Taxing health care benefits is a bad solution on top of a bad idea – employer sponsored health care.  Give the money currently spent on health care by employers to the employees, then tax it.  Then let the governement provide health care.


Employer Health Plans – Is there a Future?

May 30, 2009

Is there a future for employer based health insurance?

This is not a rhetorical question.

This is not an anxious question from an employee benefits professional.

This is not wishful thinking by a single payer advocate.

In the Call to Action by the Senate Finance Committee,  Chairman Senator Max Baucus (D-MT) calls for “Strengthening the Employer-based system.  We must ensure the continued viability of the employer-based system – the principal source of health coverage for most Americans.”

Fine words.  But the weak point in the statement is the phrase “continued viability”.  It is fair to ask whether the current system is viable and whether it can continue.

Both the percentage and the number of people covered by employer provided health insurance and the percentage of firms offering health insurance has declined over the last two decades. 

There are fundamental contradictions in the commitment of conservatives and employer groups to employer based health care plan.  And the two are not entirely in sync.

Conservatives for ideological reasons cling to things “private” and abhor government intervention, even when it makes markets work better.

Employers are a bit more practical in their approach.  But for the most part don’t seem able to see their way out of the box they are in.  They may have an ideological aversion to government action, or they may just not be willing to give up their current way of doing things.

But some employers are willing to question the current system.  Jonathan Weber, CEO of New West, challenges the assumption that employers should have a responsibility to pay for the health care of their employees.

He writes:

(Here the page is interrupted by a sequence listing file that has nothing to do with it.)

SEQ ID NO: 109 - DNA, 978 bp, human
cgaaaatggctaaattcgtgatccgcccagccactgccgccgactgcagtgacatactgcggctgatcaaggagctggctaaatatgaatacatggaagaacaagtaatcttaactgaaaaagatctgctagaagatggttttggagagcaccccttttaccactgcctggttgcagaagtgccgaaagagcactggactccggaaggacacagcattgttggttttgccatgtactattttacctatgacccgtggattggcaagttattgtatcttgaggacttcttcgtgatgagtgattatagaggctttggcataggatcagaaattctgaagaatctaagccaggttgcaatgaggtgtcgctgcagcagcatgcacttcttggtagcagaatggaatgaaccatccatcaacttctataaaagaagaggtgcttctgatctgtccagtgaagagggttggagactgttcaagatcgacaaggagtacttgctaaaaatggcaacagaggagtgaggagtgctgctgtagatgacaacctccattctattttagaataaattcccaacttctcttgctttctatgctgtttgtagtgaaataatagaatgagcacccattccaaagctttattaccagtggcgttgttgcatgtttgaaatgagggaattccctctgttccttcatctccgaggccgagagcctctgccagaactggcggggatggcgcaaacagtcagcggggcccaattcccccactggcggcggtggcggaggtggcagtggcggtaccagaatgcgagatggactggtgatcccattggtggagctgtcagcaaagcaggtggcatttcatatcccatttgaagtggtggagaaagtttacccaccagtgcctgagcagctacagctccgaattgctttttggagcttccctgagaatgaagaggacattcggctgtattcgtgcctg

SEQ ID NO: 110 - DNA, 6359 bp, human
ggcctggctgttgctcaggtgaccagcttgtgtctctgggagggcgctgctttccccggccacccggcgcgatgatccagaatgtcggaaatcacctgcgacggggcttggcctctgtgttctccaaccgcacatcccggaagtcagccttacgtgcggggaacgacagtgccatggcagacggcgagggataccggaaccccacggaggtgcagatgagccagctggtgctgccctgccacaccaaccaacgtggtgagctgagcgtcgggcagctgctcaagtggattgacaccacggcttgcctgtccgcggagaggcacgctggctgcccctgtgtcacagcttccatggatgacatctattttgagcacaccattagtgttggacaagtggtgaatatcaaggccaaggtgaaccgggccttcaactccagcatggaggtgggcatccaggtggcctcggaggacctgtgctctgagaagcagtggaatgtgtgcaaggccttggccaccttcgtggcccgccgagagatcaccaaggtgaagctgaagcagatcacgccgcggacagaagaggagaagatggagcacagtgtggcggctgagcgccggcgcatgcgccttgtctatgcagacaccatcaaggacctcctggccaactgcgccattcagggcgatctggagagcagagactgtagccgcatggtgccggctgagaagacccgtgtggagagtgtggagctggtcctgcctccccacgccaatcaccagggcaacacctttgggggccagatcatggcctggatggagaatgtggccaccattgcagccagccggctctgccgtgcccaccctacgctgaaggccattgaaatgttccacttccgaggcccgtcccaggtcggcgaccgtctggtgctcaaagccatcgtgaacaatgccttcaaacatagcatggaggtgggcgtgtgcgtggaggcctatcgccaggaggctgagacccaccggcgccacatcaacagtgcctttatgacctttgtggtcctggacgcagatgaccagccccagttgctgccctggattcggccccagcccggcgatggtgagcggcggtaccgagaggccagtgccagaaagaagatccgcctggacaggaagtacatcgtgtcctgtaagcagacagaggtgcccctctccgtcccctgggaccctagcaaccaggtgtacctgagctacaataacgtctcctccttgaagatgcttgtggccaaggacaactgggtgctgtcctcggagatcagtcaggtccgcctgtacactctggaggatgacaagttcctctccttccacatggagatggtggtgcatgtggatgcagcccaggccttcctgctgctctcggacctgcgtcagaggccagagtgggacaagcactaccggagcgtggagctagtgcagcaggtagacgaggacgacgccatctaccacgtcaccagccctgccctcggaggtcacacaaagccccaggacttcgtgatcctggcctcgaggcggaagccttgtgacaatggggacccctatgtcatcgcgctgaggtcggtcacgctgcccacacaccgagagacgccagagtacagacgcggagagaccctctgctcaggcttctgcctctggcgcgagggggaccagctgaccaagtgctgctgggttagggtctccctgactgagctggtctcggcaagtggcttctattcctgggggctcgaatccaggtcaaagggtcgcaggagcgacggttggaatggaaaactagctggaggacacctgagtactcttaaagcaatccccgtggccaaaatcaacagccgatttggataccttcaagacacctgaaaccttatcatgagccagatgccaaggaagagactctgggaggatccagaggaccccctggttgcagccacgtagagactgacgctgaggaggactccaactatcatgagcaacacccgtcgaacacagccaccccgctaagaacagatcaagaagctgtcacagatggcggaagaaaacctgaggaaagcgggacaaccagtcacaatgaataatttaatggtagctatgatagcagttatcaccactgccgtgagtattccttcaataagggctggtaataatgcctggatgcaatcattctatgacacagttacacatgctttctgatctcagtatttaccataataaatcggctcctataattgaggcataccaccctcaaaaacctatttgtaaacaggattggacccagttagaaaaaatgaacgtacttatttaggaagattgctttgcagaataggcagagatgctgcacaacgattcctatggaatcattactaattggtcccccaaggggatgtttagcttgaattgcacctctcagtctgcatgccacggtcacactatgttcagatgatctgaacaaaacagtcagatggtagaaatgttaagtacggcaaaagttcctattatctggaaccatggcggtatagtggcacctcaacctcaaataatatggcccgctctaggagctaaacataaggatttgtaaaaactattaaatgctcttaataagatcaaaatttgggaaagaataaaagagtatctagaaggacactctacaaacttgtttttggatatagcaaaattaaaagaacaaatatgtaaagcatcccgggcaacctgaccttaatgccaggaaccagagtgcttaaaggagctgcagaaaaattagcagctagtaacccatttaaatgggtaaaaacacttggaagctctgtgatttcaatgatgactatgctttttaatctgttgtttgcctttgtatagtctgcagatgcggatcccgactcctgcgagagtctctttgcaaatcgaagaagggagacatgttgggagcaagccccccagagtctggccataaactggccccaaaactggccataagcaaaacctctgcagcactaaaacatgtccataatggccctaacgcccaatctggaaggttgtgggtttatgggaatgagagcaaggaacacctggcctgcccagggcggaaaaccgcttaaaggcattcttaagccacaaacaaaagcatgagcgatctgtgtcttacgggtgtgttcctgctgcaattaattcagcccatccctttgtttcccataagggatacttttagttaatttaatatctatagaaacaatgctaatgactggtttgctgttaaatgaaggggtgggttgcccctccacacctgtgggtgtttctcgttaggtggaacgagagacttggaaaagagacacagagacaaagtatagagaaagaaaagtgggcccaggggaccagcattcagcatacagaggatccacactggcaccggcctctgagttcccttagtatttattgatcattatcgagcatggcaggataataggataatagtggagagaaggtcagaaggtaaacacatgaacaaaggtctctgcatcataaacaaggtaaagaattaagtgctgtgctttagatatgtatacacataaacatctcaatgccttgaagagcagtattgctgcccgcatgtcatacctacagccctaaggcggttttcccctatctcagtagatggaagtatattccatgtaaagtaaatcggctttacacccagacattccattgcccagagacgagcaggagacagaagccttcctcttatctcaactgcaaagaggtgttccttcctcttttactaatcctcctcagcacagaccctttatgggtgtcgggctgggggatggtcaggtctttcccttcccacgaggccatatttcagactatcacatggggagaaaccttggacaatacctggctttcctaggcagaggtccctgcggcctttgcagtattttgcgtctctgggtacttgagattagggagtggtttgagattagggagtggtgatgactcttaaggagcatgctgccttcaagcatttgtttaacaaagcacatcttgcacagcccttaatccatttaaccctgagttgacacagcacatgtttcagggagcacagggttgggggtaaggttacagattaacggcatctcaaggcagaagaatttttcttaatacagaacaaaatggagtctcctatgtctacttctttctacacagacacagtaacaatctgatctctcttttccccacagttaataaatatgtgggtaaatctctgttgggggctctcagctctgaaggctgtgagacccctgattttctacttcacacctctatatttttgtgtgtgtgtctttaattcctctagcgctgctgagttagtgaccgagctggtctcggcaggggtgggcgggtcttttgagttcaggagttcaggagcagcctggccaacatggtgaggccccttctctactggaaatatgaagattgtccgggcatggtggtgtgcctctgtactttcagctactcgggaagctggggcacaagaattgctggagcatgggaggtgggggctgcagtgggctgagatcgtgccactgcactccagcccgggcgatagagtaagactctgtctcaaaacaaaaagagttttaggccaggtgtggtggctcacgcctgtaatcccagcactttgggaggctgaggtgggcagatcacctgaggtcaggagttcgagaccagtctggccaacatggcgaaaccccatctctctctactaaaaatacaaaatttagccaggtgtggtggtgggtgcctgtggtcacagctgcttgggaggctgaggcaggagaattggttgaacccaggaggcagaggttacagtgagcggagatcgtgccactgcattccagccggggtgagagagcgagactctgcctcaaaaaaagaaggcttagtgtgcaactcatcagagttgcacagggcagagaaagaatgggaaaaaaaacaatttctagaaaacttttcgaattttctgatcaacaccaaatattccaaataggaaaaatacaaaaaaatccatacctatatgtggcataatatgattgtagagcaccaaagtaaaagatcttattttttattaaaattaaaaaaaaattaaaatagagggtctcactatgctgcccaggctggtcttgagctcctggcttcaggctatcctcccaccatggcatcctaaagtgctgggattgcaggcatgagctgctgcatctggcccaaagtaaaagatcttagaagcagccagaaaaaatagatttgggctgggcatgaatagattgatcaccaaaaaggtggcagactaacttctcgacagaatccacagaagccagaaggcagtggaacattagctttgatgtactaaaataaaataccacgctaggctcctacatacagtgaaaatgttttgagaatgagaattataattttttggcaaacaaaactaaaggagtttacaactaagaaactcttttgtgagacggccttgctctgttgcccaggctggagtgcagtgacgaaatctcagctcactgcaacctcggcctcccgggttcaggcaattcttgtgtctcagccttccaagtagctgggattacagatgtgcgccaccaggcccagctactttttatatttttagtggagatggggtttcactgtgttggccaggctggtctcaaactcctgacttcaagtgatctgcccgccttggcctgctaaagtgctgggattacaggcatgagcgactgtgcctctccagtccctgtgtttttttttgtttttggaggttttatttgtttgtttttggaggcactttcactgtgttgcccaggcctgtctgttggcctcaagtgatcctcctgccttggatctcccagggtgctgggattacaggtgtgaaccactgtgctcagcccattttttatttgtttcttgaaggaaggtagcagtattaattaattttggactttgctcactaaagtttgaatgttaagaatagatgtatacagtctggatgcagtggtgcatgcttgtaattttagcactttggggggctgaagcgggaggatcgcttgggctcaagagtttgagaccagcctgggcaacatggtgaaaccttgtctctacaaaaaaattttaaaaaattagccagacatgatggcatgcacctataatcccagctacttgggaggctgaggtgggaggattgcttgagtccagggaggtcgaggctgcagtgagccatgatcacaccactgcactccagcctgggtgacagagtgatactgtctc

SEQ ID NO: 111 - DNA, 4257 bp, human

Why is this my responsibility? 

Quality health care is a societal good, so why should it be the obligation of private-sector entities to provide it?

 A recent Reuters article by Andy Sullivan describes how “job lock” inhibits entrepreneurs, an argument also made here.  He quotes Todd Stottlemeyer, former CEO of the National Federation of Independent Businesses (NFIB).

 “There are lots of factors that go into why somebody starts a business or doesn’t start a business: Do I have a good idea, do I have capital, do I have risk tolerance?,” said Stottlemeyer, now an executive at a hospital chain. “Being able to get health insurance … should not be one of those determinant factors.”

But even if they acknowledge the box they find themselves in, employers are schizophrenic about their way out of the box.  Few employers would go as far as Jonathan Weber.

A 2007 article in USA Today by Julie Appleby observed discussions in Congress at that time to de-couple health insurance from employment.

The measures can be lumped into differing philosophies about the direction the USA should move: either toward a health insurance market in which people buy policies on their own while armed with tax credits or deductions, or one in which people are able to buy insurance through group-like “exchanges,” with some government oversight. Some of the plans likely would encourage employers to drop coverage because the employers would lose all or part of their ability to write off insurance as a business expense.

Noticeably absent is a public plan alternative, either the single payer proposal or the public plan option.

Employers also speak by their actions.  Two very clear trends indicate what employers really think about their obligation to provide for the health care of their employees.  The first is cost shifting to employees in the form of increased out of pocket expenses at point of service and increased deductions from pay for health care premiums.

The second trend is toward something resembling a defined contribution approach to health care financing.  This is characterized by High Deductible Health Plans and Health Savings Account, a favorite concept of conservatives in the last administration.  The theory behind the practice is that by giving employees cash instead of benefits, they will become wiser shoppers for health care services and thus help to constrain health cost inflation.

What is the conclusion?

Employers don’t want the responsibility for the health care of their employees.  They occasionally admit this.  They will concede that it is not good for small and new businesses.  Their practices clearly tell the true tale.

They just won’t admit it.  The just can’t get past old practices and ideological constraints.

But employers need to let go.  Health care needs to be de-coupled from employment.

Julie Appleby quotes Sara Horowitz, founder and director of the Freelancers Union whose members are independent workers in finance, non-profits, domestic services, publishing, advertising and health care – says something needs to change, because the working world has.

“The nature of work is changing: Jobs are much more short-term and flexible,” Horowitz says.

Employers need to catch up.  Maybe Congress will catch on.